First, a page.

The seasonal dynamics of freshwater lake ice and its interactions with air and snow are studied in two small subarctic lakes with comparable surface areas but contrasting depths (4.3 versus 91 m). Two, 2.9 m long thermistor chain sensors (Snow and Ice Mass Balance Apparatuses), were used to remotely measure air, snow, ice, and water temperatures every 15-min between December 2021 and March 2022. Results showed that freeze-up occurred later in the deeper lake (Ryan Lake) and earlier in the shallow lake (Landing Lake). Ice growth was significantly faster in Ryan Lake than in Landing Lake, due to cold water temperatures (mean (Tw¯) =0.65 to 0.96°C) persisting beneath the ice. In Landing Lake, basal ice growth was hindered because of warm water temperatures (Tw¯=1.5 to 2.1°C) caused by heat released from lake sediments. Variability in air temperatures at both lakes had significant influences on the thermal regimes of ice and snow, particularly in Ryan Lake, where ice temperatures were more sensitive to rapid changes in air temperatures. This finding suggests that conductive heat transfer through the air-water continuum may be more sensitive to variability in air temperatures in deeper lakes with colder water temperatures than in shallow lakes with warmer water temperatures, if snow depths and densities are comparable. This study highlights the significance of lake morphology and rapid air temperature variability on influencing ice growth processes. Conclusions drawn aim to improve the representation of ice growth processes in regional and global climate models, and to improve ice safety for northern communities.
Abstract Climate change is a threat to the 500 Gt carbon stored in northern peatlands. As the region warms, the rise in mean temperature is more pronounced during the non-growing season (NGS, i.e., winter and parts of the shoulder seasons) when net ecosystem loss of carbon dioxide (CO 2 ) occurs. Many studies have investigated the impacts of climate warming on NGS CO 2 emissions, yet there is a lack of consistency amongst researchers in how the NGS period is defined. This complicates the interpretation of NGS CO 2 emissions and hinders our understanding of seasonal drivers of important terrestrial carbon exchange processes. Here, we analyze the impact of alternative definitions of the NGS for a peatland site with multiple years of CO 2 flux records. Three climatic parameters were considered to define the NGS: air temperature, soil temperature, and snow cover. Our findings reveal positive correlations between estimates of the cumulative non-growing season net ecosystem CO 2 exchange (NGS-NEE) and the length of the NGS for each alternative definition, with the greatest proportion of variability explained using snow cover ( R 2 = 0.89, p < 0.001), followed by air temperature ( R 2 = 0.79, p < 0.001) and soil temperature ( R 2 = 0.54, p = 0.006). Using these correlations, we estimate average daily NGS CO 2 emitted between 1.42 and 1.90 gCO 2 m −2 , depending on which NGS definition is used. Our results highlight the need to explicitly define the NGS based on available climatic parameters to account for regional climate and ecosystem variability.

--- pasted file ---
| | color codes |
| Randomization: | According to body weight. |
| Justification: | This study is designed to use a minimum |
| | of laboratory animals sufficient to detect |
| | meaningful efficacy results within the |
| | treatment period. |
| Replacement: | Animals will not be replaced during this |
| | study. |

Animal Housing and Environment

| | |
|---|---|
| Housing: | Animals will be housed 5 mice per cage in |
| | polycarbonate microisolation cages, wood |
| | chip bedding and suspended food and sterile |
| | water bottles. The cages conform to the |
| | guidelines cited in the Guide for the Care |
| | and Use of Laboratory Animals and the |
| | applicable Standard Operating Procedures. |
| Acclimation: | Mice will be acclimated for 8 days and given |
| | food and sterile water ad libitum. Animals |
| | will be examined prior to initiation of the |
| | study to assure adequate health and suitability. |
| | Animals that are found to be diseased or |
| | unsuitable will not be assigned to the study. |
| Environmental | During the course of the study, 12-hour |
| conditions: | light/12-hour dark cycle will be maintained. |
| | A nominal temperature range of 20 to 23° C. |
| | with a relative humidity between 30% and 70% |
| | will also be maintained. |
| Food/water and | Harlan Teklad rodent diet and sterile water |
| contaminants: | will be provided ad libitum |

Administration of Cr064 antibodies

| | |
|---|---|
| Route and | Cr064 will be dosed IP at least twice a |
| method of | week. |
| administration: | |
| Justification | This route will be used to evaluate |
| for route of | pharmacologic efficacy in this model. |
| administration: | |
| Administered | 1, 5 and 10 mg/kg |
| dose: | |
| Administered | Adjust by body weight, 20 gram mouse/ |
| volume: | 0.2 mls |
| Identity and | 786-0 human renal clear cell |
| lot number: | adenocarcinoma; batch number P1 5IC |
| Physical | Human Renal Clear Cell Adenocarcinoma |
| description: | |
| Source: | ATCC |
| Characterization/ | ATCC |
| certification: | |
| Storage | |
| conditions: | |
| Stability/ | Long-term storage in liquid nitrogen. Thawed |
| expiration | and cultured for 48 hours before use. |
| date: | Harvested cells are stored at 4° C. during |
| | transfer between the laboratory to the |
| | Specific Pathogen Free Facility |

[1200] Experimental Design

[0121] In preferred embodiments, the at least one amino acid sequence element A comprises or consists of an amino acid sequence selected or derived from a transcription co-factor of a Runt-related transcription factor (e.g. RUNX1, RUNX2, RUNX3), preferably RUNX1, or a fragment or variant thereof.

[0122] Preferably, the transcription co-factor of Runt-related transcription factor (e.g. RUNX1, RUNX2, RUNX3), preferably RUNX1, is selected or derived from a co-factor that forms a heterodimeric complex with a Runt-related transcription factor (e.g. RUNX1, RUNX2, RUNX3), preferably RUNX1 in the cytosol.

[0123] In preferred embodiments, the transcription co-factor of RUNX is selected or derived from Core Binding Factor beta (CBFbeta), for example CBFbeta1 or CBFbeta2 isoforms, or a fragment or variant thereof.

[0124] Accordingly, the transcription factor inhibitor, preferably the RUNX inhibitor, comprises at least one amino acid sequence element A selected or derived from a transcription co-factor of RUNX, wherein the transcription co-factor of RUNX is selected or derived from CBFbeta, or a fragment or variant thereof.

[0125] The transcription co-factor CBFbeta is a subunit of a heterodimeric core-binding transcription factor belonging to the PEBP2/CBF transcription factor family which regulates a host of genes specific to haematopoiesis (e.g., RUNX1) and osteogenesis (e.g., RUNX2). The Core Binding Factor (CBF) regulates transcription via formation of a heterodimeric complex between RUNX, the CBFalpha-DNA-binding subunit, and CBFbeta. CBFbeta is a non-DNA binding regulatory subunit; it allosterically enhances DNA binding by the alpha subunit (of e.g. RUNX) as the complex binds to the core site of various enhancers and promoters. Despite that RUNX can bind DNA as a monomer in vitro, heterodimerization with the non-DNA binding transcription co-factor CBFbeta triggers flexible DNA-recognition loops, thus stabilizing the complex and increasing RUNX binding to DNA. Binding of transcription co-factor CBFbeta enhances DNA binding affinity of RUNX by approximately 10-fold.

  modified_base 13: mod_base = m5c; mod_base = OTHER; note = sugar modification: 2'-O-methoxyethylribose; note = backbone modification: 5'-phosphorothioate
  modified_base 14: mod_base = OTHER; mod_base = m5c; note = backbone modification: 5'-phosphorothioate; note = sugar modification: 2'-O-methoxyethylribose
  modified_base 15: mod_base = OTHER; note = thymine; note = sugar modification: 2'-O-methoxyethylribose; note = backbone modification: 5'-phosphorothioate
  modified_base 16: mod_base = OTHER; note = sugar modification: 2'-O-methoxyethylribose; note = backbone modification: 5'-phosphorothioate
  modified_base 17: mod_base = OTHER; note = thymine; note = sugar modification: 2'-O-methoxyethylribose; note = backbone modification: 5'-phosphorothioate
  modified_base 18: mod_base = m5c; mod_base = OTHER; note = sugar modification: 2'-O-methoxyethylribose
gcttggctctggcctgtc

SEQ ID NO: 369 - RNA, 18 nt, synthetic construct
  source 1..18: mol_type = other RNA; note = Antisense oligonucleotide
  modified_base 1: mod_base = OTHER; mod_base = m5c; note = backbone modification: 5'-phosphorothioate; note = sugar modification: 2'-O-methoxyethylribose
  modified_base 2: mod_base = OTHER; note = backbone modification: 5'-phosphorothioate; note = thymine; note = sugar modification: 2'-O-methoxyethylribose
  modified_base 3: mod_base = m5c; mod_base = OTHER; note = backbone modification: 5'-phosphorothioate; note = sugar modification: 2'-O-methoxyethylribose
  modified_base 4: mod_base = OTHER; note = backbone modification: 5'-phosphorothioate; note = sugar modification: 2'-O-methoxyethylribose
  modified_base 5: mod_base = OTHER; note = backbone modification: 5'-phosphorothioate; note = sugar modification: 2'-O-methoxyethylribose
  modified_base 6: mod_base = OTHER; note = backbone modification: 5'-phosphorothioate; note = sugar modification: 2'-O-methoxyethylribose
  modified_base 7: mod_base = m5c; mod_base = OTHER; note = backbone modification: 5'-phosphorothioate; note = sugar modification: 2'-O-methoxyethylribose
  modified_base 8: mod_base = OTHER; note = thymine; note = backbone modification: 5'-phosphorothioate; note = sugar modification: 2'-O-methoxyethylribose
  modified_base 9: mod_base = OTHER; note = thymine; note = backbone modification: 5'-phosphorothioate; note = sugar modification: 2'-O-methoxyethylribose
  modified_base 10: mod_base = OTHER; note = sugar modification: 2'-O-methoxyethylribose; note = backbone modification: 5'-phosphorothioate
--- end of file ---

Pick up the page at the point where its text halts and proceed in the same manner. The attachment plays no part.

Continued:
Abstract Peatlands are important ecosystems that store approximately one third of terrestrial organic carbon. Non-growing season carbon fluxes significantly contribute to annual carbon budgets in peatlands, yet their response to climate change is poorly understood. Here, we investigate the governing environmental variables of non-growing season carbon emissions in a northern peatland. We develop a support-vector regression model using a continuous 13-year dataset of eddy covariance flux measurements from the Mer Blue Bog, Canada. We determine that only seven variables were needed to reproduce carbon fluxes, which were most sensitive to net radiation above the canopy, soil temperature, wind speed and soil moisture. We find that changes in soil temperature and photosynthesis drove changes in net carbon flux. Assessing net ecosystem carbon exchange under three representative concentration pathways, we project a 103% increase in peatland carbon loss by 2100 under a high emissions scenario. We suggest that peatland carbon losses constitute a strong positive climate feedback loop.